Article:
Cold Outages And Texas

OK. Let’s not make fun of Texas. It would be so easy, but hey, Whidbey Island gets hit by bad weather and we have outages, too. Islanders have the benefit of practice. Strangely enough, that’s a good thing.

This wasn’t supposed to be yet another weather-related blog, but weather is in the news and there were a few Whidbey-specific things that were missed in the last post.

A Snowy Island Valentine? It was probably just right for those who wanted an excuse to snuggle in with their valentine. For those who were trapped in different places, well, maybe the holiday was simply postponed a day or a week. Before that, we had two times when almost the entire island was cut off from power. Power out once or twice, roads closed or at least risky, and enough reasons to bemoan the long lines between the island and the power plants or bemoan the need for maybe some more plows.

Texas, unfortunately, has Texas-sized issues. Their power infrastructure is unique. Millions of people rely on it and infrastructure for water as well. Plows? Sure, maybe on the farms. Snow plows? Snow? In Texas? Well, on occasion. Even as the weather warms, utilities may take longer to restore because storms of this scale are so uncommon.

And then there’s Whidbey. For one, we’re practiced.

Power. Lots of smaller outages make it easier to know what to have and how to use it and when to stay home. Sure, the power goes out; but that also is an opportunity to trim trees that are near lines, replace old equipment, and identify weak spots that make the grid stronger next time.

Water. The closer you are to a farm the closer you are to someone who doesn’t have to guess about where their water comes from and where it goes. At the most basic level, here’s the pump, there’s the septic system, make sure they’re inspected and operating, make sure they aren’t too close, and find out soon enough whether they’ll need power and protection.

Roads and plows. Gripe as we might, but the Pacific Northwest has an interesting range of snow removal equipment. The lowlands might not get much snow, hence fewer snowplows; but the mountains set historic records exceeding a thousand inches in a season. It’s hard to get close to the equipment while it’s working; but the sight of a snowblower throwing a hundred foot plume of white from the road and into a valley is captivating. Those crews are so good at what they do that they can have fun while doing it.

Roads without plows. In some ways, our most reliable snow removal technique is to wait for Mother Nature to take care of the snow. As said before, snow happens here when two air masses collide: moisture from the south and cold air from the north. Last week we got lucky. The snow persisted a little longer than normal because it was a little deeper than normal, but the roads are already clear. That moist air was followed by more moist air, and moist air around here tends to be above freezing. Rain is excellent at melting and washing away snow. No need to wait for the plow and its schedule. Rain can be delivered to every road and continue until the pavement shows through. That’s why we had good luck. We could’ve have the bad luck of the other, cold, dry air mass dominating. Then our roads would be in a situation worse than Texas’. Packed snow turns to ice, a bit of melt smooths it more, winter sun is so shallow that shadows protect the precipitation. Roads can be covered and tricky for several days. Crews have a hard time making their way to repairs. Texas’ roads probably cleared far more quickly.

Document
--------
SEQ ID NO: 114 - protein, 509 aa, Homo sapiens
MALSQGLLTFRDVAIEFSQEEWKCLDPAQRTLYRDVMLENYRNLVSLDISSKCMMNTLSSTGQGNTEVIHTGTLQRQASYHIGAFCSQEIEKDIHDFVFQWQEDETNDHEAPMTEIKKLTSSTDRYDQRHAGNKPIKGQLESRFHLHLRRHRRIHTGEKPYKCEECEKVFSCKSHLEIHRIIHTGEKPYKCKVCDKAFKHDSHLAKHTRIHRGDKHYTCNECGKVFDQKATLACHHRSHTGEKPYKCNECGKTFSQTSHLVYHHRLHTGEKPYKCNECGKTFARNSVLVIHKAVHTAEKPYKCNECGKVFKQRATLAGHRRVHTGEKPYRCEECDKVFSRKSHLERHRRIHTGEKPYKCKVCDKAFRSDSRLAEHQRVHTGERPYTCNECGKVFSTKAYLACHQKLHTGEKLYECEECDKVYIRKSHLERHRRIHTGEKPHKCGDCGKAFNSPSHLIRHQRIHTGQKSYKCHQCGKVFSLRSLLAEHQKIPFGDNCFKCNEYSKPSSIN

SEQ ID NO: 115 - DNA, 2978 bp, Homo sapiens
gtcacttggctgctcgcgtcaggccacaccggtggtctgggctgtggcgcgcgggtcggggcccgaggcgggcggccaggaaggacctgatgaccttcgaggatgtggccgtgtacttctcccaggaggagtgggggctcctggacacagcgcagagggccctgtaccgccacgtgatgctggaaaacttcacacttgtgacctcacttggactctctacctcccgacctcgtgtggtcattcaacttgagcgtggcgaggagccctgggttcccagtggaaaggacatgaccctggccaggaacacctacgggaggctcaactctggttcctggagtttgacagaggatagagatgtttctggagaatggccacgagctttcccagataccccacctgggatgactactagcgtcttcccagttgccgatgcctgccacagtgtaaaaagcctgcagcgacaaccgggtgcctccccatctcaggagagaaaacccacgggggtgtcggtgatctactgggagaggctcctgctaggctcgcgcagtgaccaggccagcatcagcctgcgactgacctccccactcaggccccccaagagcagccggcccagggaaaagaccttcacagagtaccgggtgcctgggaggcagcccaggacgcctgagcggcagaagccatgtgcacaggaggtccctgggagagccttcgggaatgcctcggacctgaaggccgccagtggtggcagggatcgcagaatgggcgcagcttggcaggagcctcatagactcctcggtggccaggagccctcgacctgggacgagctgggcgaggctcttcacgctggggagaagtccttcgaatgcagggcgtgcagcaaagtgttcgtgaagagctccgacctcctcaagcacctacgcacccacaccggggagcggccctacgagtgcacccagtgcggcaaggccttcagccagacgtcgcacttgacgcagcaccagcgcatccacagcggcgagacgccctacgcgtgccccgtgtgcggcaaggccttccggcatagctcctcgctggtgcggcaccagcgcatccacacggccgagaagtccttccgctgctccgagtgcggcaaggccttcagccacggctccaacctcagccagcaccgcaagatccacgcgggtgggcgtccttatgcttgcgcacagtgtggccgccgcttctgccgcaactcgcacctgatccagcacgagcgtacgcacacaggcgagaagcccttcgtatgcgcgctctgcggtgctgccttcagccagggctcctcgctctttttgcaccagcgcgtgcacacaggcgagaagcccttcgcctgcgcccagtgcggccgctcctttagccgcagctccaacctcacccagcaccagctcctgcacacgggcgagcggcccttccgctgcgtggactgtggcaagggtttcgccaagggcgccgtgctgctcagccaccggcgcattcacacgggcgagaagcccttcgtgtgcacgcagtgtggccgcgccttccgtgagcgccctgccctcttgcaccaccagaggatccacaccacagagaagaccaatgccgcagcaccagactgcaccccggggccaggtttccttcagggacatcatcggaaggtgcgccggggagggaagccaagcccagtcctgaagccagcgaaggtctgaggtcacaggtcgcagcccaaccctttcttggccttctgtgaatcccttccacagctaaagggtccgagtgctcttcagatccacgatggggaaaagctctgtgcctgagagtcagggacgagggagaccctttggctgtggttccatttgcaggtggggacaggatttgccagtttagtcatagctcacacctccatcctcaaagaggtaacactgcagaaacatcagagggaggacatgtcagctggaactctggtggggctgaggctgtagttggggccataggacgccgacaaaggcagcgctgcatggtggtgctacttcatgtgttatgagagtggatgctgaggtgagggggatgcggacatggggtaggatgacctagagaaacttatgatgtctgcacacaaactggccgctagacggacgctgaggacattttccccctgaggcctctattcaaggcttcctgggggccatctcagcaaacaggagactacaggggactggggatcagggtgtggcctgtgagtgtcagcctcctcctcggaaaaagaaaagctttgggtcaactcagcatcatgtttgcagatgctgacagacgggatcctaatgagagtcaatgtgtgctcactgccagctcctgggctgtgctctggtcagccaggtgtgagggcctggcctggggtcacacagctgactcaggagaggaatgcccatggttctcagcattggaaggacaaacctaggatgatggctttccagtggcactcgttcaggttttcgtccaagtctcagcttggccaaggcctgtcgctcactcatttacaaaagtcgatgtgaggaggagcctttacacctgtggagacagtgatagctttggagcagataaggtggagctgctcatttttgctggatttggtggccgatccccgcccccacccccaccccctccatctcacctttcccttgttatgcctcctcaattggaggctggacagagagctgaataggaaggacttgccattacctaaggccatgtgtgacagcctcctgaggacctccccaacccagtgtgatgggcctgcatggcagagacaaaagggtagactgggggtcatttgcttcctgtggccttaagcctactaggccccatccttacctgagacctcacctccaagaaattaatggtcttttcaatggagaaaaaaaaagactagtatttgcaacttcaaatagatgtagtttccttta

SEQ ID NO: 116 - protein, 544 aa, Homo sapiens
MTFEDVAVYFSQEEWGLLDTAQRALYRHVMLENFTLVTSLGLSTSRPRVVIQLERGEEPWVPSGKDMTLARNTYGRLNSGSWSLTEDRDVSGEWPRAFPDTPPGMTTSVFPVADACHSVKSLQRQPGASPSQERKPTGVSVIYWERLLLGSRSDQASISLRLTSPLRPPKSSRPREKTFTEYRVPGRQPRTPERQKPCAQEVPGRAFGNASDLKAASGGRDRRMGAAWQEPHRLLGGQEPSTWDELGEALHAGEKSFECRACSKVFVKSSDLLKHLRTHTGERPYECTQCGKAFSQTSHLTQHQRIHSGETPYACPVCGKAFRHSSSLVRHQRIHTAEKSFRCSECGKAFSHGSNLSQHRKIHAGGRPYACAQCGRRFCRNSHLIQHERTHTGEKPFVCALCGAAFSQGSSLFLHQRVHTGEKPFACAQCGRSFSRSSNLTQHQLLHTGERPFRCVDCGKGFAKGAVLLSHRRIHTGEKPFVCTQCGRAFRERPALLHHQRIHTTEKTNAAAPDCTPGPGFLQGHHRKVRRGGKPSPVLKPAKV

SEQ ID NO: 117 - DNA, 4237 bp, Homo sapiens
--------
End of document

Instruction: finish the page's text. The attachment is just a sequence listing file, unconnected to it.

There are plenty of other issues that Texas is dealing with: damaged power systems, busted water lines, interrupted lives, a disrupted economy. Those are tough hurdles, especially because much of it is not normal for that area. Maybe that’s why we’re less likely to make the news. We’re already supplied with home generators, updated power systems, decentralized utilities, and that major odd benefit of living over fault lines and in tsunami zones: earthquake preparedness kits paired with full pantries. The even luckier few can step into their RV or spend some time on their cruising boat.

The island has hiccups often enough that we’ve developed skills and resources. Texas may have the same for heat waves and tornadoes, things that we’d have a tough time with.

Wish them well, and maybe @WSDOT can loan them their Cow on a Plow.

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